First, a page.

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For some businesses, customer service is just a department. To others it sets the  tone for the rest of the company. We’ve all experienced great customer service as well as awful customer service. Great customer service starts  when someone goes above and beyond and creates a memorable experience.

True customer service is more than please and thank you but it starts there. If you don’t have the basics down you can’t create a memorable experience.

It means an unexpected and pleasurable  event.

Last week, I lost my very old iPhone 3. The charging port was getting worn, and it was time to get a new one but being without a phone is devastating. My contract is with  AT&T, so they were my first stop.  I looked at phones and was more confused than ever. What in the world should I buy? I talked with the salesperson Avi but still couldn’t make up my mind so I decided to check with a few other  carriers in town and see what was available.  Phones are pretty much a commodity, but the customer service person makes the difference. Notice I didn’t say a sales person.

What’s there to sell? We don’t get sold anything any  more. By the time we go to the store we pretty much know what we want.

I asked all my friends about their phones. I stopped strangers in Best Buy and asked them about their phones, and I checked on line.

After visiting six stores and  four days later, I was getting worn out. I decided to go back  my original AT&T store on Central Avenue in Albany. I said to the salesman Avi, “I just need some kind of phone while I’m deciding.” His statement, “Why didn’t you say that, I’ll get you a loaner phone while you look around!” I went home with a phone and yesterday I went back and ordered my new phone from Avi. It’s hard not to buy from a guy who lends you a phone.

Case closed.

Having a consistent customer service message is important for any company. You should know your products, what’s new, and if there’s a company policy that should be explained to your customer?

Should everyone have a script? There are certain touch points that are important to every company,  and everyone should know what they are. The message needs to be consistent, but the delivery should be sent with your personality (Unless of course, your offensive; in which case you’re in the wrong job.)

Every time you miss one of these touch points you run the risk of losing a customer so these points need to be identified.  They are  different for every company but  once identified should be part of ongoing training.

So what are the points?

  1. Show your customers love. When you call me by my name its music to my ears as they say. If you use it at least twice it’s even better. (If you use it more than twice it gets scary.)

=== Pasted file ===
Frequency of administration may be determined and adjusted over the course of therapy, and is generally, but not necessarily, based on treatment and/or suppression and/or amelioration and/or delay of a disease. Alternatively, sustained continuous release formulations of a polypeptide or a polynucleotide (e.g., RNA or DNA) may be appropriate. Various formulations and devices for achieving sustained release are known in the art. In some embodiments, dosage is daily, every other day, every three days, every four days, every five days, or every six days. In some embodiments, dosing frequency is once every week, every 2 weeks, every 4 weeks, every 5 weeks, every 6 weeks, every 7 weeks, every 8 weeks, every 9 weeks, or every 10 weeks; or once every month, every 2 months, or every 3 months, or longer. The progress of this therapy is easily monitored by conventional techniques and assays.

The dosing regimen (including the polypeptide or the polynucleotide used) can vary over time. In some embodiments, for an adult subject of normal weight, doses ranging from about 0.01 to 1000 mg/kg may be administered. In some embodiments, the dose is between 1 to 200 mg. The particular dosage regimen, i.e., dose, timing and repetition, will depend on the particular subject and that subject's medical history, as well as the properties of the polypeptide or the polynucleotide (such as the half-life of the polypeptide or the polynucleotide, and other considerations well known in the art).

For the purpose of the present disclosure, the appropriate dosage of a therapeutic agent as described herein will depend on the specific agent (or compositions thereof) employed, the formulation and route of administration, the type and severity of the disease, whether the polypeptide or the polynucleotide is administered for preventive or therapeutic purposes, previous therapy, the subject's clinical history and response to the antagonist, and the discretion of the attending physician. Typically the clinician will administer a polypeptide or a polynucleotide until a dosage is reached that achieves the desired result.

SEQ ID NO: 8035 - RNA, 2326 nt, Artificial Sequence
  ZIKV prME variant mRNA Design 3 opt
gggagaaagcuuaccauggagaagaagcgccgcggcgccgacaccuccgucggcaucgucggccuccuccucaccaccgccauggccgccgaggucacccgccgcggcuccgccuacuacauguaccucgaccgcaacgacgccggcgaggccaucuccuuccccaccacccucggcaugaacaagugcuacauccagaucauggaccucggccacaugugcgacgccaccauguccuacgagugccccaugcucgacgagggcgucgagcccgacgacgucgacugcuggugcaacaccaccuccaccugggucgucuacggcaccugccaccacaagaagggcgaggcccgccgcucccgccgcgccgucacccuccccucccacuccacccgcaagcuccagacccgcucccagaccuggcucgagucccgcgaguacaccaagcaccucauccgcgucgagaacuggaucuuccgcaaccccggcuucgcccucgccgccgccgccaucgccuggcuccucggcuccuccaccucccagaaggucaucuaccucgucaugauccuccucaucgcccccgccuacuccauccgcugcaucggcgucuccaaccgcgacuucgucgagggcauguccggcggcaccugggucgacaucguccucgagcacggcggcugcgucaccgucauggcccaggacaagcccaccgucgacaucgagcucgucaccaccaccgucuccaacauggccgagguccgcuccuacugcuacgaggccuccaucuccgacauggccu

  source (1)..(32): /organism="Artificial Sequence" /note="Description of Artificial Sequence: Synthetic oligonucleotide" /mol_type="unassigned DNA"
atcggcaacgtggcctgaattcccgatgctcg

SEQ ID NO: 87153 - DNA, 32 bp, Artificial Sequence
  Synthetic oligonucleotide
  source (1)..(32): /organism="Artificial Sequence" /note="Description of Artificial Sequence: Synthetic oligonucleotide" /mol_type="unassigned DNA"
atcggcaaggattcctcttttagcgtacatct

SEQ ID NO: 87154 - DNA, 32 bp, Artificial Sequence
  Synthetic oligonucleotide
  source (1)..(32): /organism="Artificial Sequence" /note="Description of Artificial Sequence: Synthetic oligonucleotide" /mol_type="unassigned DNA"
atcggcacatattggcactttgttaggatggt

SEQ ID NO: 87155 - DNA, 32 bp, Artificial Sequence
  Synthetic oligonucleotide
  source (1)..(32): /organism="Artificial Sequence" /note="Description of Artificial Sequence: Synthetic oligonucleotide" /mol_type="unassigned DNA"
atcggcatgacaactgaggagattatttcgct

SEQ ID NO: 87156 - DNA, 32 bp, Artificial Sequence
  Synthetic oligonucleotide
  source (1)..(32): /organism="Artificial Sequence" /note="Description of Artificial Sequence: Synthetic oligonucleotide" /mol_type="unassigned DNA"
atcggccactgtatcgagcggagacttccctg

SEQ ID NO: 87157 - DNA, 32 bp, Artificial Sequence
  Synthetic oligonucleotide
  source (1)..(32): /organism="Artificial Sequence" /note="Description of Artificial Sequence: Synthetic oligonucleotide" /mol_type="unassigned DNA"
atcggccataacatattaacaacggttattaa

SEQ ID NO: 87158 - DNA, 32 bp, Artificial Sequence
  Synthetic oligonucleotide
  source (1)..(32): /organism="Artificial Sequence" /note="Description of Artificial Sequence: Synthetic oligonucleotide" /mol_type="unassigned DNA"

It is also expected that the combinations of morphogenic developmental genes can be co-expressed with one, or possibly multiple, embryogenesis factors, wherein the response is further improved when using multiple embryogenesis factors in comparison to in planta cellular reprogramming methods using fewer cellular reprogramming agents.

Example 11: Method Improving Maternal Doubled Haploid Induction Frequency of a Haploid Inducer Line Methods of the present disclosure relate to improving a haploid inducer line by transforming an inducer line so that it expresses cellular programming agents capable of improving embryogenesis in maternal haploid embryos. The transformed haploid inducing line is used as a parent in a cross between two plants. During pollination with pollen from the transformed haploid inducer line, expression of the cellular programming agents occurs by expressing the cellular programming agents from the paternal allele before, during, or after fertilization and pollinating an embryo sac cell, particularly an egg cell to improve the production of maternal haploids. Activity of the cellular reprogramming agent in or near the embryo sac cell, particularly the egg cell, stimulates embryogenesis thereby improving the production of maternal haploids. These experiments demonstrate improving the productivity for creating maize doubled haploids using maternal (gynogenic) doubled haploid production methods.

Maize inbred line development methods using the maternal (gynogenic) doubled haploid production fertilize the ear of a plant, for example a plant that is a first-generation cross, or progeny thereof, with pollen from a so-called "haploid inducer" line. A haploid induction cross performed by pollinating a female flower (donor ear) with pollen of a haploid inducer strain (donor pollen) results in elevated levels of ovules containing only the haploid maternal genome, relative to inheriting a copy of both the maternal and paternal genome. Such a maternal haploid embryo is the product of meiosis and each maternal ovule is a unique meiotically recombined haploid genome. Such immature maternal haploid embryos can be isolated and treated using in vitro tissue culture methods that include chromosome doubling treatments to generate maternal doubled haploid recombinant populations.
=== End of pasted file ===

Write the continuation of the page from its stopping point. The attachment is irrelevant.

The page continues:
2. Know your customer’s standard problems and have some solutions on hand.  It’s no secret that if you’re in the northeast and delivering products in the winter that delays are in inevitable. The key is to plan on it and have  solutions on hand.
  3. Be proactive.  That means thinking for your customer. Is there something your customer always needs this time of the year? Should you remind them? Of course, you should. In the northeast, it’s time for a snow shovel, de-icer for your windshield and door locks and snow tires.  Is kitty litter still a solution if you get stuck?Suggest he get a shovel so your truck can get to this loading dock.
  4. Should you “reinvent the wheel?” Maybe so; we’ve reinvented the phone a few times haven’t we?  Is it time to change your policies or at least review them?  How about a using a square wheel; would it work better?
  5. What hidden tools do you have at your disposal? Do you have a  gift, a discount or special shipping when real problems occur? Do you have some hidden delights for your customers?  (It’s like giving the customer a loaner cell phone.) Think of your customer as your business partner. Ask how you can help them before they need help.
  6. Remember it’s the holiday season; stress is at its highest. How about calling your customers and wishing them well?

Remember, red hot customer service means going out of your way, delighting your customer and providing a memorable experience.

Lisbeth Calandrino helps businesses build loyal customers through  customer service training and providing customer retention strategies. Her book, Red Hot Customer Service can be ordered through her web site, www.lisbethcalandrino.com.

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